Most of the men who had any ability and experience requested and secured other assignments, as Rahmlow was an awful commander and nobody could understand how U-570 passed the Agru Front exercises at all.  Through these requests for transfers and other assignments, U-570 had a third-class tripulation which included the officers.  Rahmlow surrendered U-570 on her first war patrol to British airplanes on 27 August 1941, which radioed for surface ships to take over U-570.  The rest of this capture was already reported some time ago in earlier issues of this publication.


EDITOR NOTE – Rahmlow was probably responsible for the loss of more U-Boats and more U-Fahrer than any other man in WW II.



Werner Hartenstein became a Korvettenkapitän on the 1st of June 1942.  Hartenstein had been a commander of various torpedo boats until February of 1941.  He undertook U-Boat training in the Baltic from March through August of 1941, which included schooling and training for prospective U-Boat commanders.


Thereafter Hartenstein took over U-156, still in the final stages of construction, a Type IX-C U-Boat of the largest type, and commissioned U-156 on the 4th of September 1941, leading her through the string of trials, tests and exercises that were required in the Baltic Sea to get U-Boats ready for operations.  On the 24th of December 1941, U-156 departed from Kiel on her first war patrol, a transfer voyage to Lorient, France.  Thereafter U-156 made three long war patrols under Werner Hartenstein’s command in the Caribbean Sea and the South Atlantic.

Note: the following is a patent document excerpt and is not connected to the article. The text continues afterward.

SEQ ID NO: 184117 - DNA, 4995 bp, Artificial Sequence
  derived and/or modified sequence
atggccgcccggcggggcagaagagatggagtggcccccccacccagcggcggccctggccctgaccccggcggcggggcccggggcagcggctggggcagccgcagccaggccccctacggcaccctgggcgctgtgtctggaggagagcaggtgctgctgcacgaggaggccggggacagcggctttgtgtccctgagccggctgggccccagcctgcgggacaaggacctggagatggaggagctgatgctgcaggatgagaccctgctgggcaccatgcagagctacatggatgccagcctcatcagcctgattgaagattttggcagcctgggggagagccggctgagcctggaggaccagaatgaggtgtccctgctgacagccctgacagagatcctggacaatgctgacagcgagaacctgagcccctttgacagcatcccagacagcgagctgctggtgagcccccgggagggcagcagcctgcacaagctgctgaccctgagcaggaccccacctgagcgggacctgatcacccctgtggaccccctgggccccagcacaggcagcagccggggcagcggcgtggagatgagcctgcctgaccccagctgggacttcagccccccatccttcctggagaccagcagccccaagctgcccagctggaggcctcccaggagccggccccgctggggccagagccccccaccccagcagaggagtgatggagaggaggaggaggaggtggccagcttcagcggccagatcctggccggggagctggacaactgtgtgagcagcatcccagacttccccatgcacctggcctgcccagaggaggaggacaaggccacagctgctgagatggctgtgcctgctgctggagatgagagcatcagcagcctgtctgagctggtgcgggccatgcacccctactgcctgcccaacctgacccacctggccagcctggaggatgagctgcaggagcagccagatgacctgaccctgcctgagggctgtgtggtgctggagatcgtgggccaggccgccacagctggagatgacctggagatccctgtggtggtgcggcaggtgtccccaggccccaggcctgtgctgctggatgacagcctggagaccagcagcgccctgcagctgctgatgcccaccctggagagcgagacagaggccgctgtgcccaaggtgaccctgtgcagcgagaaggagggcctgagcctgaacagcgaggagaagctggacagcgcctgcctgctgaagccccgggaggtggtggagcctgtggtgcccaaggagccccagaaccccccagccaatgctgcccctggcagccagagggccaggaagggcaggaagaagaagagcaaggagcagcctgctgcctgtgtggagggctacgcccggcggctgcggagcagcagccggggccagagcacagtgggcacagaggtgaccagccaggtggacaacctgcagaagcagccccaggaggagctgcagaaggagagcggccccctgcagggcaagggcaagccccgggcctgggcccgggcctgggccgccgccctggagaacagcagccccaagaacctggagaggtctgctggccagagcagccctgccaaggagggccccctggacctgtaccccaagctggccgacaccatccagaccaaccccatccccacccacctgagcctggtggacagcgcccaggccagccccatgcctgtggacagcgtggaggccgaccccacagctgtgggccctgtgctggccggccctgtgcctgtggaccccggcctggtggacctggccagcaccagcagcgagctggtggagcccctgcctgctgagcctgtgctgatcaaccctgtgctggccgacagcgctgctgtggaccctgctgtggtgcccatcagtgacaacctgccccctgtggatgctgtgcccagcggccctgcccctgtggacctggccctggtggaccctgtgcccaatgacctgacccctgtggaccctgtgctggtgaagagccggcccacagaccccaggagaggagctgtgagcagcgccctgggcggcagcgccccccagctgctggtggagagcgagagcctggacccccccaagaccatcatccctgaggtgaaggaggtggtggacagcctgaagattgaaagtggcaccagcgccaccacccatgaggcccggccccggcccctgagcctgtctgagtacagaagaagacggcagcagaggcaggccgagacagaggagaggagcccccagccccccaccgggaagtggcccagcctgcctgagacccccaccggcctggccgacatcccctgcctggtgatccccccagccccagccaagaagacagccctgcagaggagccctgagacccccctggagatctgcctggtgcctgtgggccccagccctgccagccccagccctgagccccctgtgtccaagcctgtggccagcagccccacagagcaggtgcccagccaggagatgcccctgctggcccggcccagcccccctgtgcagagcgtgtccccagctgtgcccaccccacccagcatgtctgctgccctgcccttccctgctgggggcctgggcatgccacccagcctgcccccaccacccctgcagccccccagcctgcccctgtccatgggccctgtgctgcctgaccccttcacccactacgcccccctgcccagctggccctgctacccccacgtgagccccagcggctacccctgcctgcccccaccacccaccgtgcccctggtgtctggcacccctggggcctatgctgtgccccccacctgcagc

On the fifth war patrol, after U-156 had left Lorient on the 16th of January 1943, she was sunk with all hands on 8 March 1943 east of Barbados by a Catalina aircraft commanded by Lt. J. E. Dryden.